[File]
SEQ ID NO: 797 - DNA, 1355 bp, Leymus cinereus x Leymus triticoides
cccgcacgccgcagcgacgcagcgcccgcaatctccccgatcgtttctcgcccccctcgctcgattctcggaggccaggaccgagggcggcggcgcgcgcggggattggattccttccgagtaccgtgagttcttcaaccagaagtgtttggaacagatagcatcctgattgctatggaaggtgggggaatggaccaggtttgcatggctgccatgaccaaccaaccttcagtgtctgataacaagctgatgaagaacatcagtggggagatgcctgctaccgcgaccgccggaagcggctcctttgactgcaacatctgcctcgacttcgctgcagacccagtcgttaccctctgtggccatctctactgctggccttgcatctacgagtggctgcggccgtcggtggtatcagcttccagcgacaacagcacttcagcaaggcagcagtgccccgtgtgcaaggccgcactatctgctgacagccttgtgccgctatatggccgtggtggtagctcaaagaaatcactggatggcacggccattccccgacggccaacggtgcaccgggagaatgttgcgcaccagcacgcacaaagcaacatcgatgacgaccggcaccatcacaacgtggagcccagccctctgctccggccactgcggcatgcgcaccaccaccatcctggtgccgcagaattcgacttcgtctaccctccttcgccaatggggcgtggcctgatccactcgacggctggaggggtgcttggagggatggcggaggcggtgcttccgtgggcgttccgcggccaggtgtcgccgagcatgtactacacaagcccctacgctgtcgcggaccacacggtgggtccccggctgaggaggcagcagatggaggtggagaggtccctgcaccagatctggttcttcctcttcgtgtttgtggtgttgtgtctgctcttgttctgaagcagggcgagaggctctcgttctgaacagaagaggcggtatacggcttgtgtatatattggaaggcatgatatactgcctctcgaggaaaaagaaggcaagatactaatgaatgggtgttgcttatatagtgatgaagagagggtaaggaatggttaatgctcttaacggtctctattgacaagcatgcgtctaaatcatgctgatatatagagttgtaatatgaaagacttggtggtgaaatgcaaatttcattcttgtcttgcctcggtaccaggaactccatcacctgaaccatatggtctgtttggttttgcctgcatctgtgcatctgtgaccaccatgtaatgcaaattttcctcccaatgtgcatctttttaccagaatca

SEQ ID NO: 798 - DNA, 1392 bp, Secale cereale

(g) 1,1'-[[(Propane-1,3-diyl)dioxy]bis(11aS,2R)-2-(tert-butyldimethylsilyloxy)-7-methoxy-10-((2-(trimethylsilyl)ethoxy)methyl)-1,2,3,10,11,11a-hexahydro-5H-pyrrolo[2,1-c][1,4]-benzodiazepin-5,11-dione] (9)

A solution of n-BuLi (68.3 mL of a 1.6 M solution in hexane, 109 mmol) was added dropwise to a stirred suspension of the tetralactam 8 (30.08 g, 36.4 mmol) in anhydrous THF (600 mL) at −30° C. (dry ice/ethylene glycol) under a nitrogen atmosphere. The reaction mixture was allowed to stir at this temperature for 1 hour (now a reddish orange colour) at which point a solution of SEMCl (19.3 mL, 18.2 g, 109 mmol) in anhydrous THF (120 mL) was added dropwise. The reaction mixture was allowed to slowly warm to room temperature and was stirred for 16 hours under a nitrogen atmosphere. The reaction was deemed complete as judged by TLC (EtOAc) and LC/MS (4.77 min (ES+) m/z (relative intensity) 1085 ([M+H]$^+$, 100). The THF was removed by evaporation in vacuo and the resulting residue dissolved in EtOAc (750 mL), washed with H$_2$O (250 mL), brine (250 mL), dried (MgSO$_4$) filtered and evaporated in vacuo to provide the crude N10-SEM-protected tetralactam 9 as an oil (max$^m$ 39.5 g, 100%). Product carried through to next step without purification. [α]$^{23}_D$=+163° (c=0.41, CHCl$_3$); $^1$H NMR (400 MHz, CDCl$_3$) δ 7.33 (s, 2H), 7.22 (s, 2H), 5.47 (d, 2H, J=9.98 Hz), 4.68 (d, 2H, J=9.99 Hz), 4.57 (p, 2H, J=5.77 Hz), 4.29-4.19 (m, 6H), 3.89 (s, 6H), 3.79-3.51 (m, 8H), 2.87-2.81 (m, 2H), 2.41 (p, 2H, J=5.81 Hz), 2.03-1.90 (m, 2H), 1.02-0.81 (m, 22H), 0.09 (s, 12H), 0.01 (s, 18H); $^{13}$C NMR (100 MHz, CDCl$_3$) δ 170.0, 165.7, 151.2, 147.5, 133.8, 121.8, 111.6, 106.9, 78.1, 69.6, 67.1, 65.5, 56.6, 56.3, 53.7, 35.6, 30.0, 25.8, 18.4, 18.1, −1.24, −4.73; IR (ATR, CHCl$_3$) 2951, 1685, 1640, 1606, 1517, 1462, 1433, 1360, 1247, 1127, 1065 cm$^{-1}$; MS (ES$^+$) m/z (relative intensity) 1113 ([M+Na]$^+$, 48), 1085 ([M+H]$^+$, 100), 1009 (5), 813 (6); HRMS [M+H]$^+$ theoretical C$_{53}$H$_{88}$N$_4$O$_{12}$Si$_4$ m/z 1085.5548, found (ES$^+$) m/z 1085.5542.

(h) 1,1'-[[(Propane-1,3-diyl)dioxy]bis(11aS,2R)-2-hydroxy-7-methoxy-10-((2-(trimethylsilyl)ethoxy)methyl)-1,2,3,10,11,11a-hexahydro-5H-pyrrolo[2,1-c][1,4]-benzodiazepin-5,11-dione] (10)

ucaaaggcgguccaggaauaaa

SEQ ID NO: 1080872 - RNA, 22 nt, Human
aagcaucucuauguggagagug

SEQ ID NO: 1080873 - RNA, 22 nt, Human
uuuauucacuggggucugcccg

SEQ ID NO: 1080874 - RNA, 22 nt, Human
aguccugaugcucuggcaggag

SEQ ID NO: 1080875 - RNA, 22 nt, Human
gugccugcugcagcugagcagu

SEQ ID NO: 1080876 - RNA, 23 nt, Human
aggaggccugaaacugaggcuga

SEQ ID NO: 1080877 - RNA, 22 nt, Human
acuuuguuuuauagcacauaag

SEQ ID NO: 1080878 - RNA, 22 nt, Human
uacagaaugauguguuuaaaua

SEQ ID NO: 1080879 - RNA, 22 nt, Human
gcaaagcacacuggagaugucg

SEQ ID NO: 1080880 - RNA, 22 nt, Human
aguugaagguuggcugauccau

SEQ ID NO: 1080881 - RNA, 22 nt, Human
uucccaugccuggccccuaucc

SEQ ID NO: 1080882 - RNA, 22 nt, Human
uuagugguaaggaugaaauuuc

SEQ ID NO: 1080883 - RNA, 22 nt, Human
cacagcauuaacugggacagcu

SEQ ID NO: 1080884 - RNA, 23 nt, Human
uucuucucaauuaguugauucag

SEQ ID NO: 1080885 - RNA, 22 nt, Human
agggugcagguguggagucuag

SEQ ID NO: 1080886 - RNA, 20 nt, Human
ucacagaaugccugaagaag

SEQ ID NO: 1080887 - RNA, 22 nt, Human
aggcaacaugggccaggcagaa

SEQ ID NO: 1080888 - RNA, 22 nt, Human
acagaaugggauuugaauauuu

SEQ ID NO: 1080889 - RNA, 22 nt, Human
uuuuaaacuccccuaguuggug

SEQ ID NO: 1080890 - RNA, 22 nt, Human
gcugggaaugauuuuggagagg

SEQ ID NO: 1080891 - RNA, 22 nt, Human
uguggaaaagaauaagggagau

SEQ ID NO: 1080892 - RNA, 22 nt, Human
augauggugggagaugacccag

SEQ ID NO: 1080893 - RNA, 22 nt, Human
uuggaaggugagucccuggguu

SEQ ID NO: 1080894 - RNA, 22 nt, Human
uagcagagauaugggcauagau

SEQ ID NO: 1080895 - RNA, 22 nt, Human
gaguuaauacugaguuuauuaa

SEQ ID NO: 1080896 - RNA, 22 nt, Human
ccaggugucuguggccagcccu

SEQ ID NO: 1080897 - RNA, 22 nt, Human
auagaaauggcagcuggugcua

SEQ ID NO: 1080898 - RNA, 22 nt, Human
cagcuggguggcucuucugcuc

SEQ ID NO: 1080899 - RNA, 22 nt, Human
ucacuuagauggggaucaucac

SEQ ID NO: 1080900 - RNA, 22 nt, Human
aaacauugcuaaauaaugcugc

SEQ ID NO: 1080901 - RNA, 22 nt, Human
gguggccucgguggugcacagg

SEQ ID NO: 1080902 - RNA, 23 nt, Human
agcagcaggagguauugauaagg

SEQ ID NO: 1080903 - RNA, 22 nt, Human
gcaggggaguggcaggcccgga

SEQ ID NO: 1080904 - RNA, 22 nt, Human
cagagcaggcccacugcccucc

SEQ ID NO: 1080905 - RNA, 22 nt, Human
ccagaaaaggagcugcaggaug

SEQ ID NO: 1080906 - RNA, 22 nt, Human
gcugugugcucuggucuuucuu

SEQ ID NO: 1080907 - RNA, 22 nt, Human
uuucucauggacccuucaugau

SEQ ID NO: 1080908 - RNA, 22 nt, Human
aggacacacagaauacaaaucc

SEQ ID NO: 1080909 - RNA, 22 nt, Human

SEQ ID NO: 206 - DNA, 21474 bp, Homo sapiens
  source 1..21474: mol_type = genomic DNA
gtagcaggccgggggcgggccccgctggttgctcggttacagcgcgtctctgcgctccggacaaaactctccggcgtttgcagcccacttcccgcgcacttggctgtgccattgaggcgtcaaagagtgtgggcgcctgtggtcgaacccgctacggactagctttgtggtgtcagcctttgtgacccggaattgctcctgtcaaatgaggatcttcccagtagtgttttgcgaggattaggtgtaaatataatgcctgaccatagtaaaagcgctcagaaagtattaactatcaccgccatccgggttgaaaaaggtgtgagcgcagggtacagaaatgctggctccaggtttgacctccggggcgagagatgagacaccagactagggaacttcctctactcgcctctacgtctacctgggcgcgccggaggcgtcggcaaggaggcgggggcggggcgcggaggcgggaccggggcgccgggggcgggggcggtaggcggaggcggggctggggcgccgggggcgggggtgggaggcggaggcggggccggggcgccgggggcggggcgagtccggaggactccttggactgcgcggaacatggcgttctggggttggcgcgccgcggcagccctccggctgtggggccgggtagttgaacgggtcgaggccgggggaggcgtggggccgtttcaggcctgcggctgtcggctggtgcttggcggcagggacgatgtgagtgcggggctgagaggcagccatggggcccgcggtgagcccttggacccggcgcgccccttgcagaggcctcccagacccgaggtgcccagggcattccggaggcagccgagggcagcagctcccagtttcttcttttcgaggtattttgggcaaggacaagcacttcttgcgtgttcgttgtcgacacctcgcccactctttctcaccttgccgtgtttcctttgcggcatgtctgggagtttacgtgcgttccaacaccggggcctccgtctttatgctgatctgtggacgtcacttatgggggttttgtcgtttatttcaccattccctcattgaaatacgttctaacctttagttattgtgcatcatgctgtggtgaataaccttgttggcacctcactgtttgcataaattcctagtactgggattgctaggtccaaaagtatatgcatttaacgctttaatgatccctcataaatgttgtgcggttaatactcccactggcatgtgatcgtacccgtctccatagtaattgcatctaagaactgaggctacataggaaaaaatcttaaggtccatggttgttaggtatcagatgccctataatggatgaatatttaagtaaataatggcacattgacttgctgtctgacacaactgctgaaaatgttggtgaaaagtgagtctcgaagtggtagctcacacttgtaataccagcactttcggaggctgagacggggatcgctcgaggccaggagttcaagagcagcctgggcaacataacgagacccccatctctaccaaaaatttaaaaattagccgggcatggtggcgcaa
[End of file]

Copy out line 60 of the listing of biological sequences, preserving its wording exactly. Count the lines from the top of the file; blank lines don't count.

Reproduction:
SEQ ID NO: 1080898 - RNA, 22 nt, Human